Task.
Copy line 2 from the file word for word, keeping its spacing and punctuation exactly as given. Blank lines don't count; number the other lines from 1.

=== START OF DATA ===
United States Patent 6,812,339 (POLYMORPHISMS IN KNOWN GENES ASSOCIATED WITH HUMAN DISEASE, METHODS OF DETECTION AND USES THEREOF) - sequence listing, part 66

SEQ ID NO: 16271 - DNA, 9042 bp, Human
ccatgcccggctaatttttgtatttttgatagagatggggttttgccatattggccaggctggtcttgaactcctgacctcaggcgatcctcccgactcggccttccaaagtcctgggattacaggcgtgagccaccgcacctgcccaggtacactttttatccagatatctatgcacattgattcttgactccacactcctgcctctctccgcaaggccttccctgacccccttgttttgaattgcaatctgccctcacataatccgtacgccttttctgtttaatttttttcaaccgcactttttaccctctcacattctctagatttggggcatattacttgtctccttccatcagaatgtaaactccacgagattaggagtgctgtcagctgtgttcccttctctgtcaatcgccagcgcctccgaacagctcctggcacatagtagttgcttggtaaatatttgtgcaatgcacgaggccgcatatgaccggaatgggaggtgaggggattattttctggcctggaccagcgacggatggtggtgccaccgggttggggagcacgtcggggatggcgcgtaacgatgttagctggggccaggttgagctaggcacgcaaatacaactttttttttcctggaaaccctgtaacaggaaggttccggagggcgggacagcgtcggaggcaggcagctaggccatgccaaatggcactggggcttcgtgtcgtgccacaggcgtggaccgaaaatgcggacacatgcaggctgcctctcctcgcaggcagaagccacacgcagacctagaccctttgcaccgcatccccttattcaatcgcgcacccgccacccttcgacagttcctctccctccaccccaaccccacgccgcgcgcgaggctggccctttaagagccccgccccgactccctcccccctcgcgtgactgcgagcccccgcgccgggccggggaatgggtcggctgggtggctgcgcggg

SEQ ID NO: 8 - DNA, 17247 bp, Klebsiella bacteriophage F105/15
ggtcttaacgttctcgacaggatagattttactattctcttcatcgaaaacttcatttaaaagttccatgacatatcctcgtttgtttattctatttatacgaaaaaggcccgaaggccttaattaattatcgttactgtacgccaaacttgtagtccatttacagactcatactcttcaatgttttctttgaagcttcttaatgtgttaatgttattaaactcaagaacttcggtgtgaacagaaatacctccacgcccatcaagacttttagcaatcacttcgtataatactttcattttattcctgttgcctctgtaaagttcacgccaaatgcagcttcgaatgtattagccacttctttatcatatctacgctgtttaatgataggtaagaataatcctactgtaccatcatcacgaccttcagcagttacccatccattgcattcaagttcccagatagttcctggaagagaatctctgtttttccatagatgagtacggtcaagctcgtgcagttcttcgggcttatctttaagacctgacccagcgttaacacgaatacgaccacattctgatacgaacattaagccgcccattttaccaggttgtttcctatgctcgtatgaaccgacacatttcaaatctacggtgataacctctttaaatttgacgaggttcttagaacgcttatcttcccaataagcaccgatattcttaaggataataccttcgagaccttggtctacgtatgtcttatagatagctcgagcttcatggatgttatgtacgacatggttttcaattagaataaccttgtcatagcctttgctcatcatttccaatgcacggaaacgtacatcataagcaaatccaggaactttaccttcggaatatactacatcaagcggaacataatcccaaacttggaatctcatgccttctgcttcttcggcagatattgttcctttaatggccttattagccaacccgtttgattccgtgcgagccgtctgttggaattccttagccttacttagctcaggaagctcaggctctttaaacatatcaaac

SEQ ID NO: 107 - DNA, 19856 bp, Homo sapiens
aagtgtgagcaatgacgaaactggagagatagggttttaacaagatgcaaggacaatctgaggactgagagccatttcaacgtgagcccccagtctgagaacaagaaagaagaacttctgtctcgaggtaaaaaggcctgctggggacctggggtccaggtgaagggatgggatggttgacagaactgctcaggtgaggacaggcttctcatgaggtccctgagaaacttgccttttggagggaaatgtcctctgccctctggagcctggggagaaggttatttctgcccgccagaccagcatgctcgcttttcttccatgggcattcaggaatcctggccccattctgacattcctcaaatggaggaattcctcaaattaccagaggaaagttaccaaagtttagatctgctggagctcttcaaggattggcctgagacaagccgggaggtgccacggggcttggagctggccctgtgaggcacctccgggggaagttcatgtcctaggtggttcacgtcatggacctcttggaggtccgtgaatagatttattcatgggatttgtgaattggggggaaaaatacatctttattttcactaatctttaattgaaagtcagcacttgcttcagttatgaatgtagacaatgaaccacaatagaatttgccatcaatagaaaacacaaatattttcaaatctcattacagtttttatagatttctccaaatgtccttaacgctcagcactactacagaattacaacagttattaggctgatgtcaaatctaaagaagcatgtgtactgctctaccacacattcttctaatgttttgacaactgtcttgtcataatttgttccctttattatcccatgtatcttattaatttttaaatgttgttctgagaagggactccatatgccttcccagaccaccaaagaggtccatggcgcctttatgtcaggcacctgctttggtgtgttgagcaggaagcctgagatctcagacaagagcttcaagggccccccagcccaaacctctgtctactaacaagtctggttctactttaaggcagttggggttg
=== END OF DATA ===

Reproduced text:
SEQ ID NO: 16271 - DNA, 9042 bp, Human